Most of my clients agree that safety is good business, but they span an enormous spectrum in what they mean by that and the degree to which they truly understand the connection between safety and business performance.
Understanding that connection is important because, without it, a well-intended person might feel compelled by their fiduciary duty to their organization and, while still agreeing that safety is good business, nonetheless prioritize production and cost over safety. I see this all the time: a plant manager defers maintenance in order to maximize year-end profits, corporate managers celebrate the plant’s success, and the manager receives a promotion. Without fully realizing it, the plant and corporate managers’ actions not only put employees at greater risk than they intend, but also set in motion a sequence of events that undermine business performance for years to come. If asked, every last one of them would say, “safety is important and we can get to zero,” but their decisions and actions reveal that their understanding is limited.
Really understanding the connection between safety and business is not just a priority for the financially-minded; indeed, it is no less critical to the person who is deeply committed to safety for moral or spiritual reasons. If you have personally experienced, witnessed, or been close to someone involved in a serious or fatal incident at work, the idea of a business case for safety can sound distasteful. You are deeply invested in improving safety for its own sake, and are willing to go to great lengths to reduce risk as a result. Yet even still, if you don’t fully understand the connections between safety and business performance, your efforts to improve safety will be limited.
The connection between safety and business performance comes down to creating the conditions for organizational success—and it just so happens that safety is the perfect platform to do that. Years ago, my colleagues and I discovered that engaging workers in safety was enhancing organizational culture in ways that were great for every aspect of the business. Even in plants plagued by distrust between co-workers or friction between workers and managers, safety has the ability to bring people together to achieve a common goal. Dealing with common safety issues provides opportunities to interact and build skills that might not otherwise occur within an organization. Again and again, safety provides ideal opportunities to cultivate and practice key leadership skills. All of these things contribute to a culture characterized by mutual trust and respect, teamwork and commitment, and a focus on safety which in turn corresponds to excellence in safety and performance generally.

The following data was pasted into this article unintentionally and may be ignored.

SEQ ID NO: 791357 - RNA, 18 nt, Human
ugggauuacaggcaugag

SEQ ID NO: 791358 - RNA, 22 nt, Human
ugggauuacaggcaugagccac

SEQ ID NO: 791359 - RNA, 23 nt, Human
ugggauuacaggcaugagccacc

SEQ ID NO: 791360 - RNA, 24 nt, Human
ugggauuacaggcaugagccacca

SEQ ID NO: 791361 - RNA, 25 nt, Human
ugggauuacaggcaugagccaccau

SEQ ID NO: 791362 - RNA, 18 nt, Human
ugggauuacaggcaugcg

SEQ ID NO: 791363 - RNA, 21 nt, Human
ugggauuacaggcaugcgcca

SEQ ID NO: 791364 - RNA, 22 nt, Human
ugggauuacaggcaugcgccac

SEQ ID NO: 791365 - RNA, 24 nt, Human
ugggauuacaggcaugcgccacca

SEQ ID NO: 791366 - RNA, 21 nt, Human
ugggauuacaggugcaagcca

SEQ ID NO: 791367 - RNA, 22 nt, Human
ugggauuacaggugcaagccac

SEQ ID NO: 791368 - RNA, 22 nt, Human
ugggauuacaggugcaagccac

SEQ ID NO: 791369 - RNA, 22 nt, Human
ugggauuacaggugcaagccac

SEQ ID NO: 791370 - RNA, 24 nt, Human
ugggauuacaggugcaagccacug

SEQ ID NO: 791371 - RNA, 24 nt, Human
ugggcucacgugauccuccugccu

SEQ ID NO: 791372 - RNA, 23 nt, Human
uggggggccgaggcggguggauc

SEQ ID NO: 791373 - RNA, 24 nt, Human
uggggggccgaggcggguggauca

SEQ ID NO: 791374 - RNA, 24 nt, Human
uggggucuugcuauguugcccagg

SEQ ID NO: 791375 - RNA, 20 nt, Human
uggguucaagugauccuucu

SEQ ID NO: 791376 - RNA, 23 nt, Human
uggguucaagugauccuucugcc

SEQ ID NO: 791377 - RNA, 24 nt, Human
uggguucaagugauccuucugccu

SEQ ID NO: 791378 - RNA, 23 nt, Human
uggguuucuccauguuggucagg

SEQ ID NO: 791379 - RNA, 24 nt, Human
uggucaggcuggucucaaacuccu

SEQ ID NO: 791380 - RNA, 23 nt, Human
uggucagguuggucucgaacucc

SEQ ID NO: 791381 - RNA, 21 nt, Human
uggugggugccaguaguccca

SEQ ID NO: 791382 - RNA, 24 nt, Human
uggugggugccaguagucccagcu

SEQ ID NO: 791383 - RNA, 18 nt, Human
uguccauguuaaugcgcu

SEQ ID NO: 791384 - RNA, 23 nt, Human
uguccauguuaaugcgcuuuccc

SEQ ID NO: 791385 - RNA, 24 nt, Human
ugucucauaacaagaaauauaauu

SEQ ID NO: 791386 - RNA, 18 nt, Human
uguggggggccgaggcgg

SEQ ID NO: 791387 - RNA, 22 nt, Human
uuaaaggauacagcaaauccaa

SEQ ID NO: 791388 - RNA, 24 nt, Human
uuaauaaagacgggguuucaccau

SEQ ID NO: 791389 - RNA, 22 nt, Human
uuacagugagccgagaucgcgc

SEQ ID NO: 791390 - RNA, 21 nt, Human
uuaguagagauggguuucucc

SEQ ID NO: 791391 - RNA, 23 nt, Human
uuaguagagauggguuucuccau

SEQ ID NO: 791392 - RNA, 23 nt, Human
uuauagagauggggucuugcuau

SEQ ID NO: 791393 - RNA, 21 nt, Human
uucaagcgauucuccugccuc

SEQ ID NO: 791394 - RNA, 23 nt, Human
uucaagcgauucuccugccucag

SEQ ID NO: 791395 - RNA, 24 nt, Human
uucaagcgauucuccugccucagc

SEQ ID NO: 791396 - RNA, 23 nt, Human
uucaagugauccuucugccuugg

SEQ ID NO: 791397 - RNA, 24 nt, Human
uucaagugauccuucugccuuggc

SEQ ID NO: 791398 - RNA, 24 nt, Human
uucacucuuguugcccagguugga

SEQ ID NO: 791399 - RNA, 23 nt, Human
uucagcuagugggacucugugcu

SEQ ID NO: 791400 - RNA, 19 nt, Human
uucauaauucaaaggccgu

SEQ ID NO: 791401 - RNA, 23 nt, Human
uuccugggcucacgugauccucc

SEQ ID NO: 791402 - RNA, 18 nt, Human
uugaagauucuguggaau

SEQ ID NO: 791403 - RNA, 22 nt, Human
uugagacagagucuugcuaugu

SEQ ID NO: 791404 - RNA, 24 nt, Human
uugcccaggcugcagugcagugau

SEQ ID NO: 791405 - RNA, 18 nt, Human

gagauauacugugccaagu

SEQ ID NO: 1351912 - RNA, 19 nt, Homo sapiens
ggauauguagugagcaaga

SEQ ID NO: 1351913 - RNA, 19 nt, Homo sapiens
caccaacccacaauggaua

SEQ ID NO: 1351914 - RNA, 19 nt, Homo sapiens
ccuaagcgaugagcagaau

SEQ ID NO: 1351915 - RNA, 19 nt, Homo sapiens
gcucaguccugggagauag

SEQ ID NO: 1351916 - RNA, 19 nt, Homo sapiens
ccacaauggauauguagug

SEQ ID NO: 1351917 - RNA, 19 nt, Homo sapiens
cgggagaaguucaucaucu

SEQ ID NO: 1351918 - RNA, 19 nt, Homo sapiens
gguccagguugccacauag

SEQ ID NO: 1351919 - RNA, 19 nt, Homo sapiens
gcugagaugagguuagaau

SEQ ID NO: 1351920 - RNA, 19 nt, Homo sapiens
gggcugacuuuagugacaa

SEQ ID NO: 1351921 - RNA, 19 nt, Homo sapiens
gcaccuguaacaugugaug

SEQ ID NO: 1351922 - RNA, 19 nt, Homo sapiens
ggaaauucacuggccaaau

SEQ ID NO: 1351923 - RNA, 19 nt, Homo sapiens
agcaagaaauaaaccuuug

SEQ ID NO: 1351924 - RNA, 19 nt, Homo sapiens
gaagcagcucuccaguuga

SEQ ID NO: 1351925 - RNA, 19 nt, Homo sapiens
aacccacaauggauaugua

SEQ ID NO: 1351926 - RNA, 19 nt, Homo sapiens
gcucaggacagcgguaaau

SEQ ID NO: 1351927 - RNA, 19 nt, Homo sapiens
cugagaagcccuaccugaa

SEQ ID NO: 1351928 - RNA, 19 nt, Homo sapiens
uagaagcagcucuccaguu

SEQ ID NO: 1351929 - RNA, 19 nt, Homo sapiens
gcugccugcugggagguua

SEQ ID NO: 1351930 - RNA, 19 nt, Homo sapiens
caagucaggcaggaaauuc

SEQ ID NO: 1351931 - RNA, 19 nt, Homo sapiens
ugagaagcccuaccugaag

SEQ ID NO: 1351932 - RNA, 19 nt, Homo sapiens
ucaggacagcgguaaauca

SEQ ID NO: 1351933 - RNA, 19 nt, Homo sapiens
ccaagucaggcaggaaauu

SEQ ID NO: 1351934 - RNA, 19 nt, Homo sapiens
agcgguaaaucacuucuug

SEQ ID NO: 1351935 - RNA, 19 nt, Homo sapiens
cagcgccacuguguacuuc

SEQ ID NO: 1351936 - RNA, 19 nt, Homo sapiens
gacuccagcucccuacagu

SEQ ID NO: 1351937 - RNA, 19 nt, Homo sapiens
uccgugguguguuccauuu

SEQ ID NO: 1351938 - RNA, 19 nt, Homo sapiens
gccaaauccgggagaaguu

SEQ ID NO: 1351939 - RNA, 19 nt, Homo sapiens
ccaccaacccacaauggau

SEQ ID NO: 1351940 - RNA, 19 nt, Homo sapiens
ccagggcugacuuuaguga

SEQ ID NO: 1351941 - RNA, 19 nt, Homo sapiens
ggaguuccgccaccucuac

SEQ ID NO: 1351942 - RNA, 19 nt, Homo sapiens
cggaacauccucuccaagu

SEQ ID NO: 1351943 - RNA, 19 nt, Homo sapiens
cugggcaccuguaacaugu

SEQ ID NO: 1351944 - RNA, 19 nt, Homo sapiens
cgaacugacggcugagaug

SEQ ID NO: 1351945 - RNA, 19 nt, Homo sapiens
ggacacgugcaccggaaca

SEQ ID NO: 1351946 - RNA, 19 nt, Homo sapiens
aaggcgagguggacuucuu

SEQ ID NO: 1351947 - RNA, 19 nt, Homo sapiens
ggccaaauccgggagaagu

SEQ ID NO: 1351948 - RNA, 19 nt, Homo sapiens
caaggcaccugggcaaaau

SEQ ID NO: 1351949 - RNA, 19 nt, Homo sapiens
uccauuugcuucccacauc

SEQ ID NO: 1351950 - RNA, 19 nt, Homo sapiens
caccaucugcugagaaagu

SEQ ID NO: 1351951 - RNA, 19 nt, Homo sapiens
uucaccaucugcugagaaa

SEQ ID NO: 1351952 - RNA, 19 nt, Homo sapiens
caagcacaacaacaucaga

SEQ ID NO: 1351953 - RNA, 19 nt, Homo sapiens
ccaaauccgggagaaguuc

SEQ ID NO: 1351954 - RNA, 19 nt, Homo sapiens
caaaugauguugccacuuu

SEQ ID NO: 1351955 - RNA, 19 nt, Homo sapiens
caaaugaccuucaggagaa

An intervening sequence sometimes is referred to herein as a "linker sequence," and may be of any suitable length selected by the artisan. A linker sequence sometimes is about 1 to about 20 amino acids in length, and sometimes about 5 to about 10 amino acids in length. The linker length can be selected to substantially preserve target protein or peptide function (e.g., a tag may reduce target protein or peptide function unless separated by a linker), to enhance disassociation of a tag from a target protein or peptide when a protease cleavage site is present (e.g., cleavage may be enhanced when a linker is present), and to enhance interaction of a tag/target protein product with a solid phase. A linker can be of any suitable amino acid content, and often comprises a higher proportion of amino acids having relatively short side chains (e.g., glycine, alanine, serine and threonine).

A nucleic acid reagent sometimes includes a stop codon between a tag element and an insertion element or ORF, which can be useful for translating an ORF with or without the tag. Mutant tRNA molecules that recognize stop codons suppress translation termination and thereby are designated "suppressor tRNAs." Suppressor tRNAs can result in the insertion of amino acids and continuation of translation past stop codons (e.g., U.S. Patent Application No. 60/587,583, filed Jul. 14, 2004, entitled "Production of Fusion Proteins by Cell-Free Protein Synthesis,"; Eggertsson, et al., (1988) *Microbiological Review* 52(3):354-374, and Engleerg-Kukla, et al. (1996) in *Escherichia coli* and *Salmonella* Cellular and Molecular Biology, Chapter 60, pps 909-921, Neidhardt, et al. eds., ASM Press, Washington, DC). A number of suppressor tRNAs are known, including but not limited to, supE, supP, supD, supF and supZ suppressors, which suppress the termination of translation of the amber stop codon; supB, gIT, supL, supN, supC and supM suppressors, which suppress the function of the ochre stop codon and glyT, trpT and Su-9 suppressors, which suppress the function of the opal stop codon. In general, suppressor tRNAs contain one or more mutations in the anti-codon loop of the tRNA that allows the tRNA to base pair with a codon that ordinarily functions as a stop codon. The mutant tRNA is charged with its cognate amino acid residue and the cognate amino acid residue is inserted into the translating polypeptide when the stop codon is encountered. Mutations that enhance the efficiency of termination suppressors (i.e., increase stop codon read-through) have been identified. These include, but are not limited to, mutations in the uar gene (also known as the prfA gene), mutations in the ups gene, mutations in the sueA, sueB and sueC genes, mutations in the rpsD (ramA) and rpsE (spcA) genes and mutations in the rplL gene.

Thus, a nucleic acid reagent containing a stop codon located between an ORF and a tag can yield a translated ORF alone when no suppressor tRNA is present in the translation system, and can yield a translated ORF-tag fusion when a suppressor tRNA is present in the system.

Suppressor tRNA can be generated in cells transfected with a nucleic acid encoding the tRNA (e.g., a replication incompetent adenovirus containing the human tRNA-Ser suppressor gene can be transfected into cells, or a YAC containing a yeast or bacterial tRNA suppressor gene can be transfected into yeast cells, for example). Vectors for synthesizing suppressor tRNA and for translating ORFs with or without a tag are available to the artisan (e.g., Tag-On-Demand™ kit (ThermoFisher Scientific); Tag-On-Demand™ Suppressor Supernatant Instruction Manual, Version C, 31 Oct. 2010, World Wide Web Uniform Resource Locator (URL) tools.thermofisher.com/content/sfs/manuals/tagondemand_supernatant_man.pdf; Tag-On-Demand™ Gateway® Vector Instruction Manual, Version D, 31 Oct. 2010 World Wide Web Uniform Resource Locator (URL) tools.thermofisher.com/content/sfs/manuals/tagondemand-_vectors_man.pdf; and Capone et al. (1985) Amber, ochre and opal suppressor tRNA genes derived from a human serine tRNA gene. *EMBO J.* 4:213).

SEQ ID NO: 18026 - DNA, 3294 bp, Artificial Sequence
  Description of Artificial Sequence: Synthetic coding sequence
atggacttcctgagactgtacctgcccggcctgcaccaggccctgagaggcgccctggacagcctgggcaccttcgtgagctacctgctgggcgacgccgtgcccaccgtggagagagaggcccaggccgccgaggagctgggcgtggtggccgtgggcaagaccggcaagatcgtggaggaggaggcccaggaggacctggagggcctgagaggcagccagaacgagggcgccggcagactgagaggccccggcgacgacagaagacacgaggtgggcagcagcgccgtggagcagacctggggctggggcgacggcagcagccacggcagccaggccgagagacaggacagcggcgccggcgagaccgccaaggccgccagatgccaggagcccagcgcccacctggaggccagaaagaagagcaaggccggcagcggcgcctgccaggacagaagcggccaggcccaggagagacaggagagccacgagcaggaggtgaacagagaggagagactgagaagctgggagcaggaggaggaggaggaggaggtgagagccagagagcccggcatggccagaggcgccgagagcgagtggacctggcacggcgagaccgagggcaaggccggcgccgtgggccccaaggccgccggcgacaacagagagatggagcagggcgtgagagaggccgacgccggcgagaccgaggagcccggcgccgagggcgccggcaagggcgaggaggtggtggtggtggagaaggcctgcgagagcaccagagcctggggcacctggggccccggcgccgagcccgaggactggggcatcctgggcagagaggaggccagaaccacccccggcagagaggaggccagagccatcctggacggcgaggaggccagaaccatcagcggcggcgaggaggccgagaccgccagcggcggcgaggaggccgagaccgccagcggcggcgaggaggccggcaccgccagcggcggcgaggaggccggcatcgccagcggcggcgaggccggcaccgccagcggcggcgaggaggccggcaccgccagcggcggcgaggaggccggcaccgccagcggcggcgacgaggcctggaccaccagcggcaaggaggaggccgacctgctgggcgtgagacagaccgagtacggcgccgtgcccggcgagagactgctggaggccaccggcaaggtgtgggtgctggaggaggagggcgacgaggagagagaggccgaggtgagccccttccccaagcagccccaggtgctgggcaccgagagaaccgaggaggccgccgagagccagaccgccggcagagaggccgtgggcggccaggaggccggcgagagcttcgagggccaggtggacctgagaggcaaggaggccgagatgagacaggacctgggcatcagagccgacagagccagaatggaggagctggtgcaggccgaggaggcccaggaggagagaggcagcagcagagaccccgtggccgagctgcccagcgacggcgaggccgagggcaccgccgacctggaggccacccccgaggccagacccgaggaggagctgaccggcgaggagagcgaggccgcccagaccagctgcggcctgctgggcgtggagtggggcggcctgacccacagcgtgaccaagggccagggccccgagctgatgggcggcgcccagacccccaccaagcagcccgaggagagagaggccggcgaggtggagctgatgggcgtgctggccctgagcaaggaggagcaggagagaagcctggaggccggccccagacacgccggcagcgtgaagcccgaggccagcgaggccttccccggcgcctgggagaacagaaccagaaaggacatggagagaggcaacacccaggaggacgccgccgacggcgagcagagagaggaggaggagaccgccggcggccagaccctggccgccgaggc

Regardless of whether you are a person who feels a fiduciary responsibility to make sound financial and business decisions, a person who feels a moral obligation to protect lives at any cost, or a person who wants it all, you will benefit from a strategy of improving safety that understands the full scope of how safety impacts business, and hence creates the conditions for success.
It’s a nuanced and rich connection to be sure, but in brief, the relationships between safety, engagement, leadership, culture, and performance make safety an ideal catalyst for improving every area of a business. When safety improves significantly as the result of getting employees engaged, that not only makes the safety numbers better, but it also strengthens culture. And a strong culture makes it possible to achieve performance excellence in all areas of business.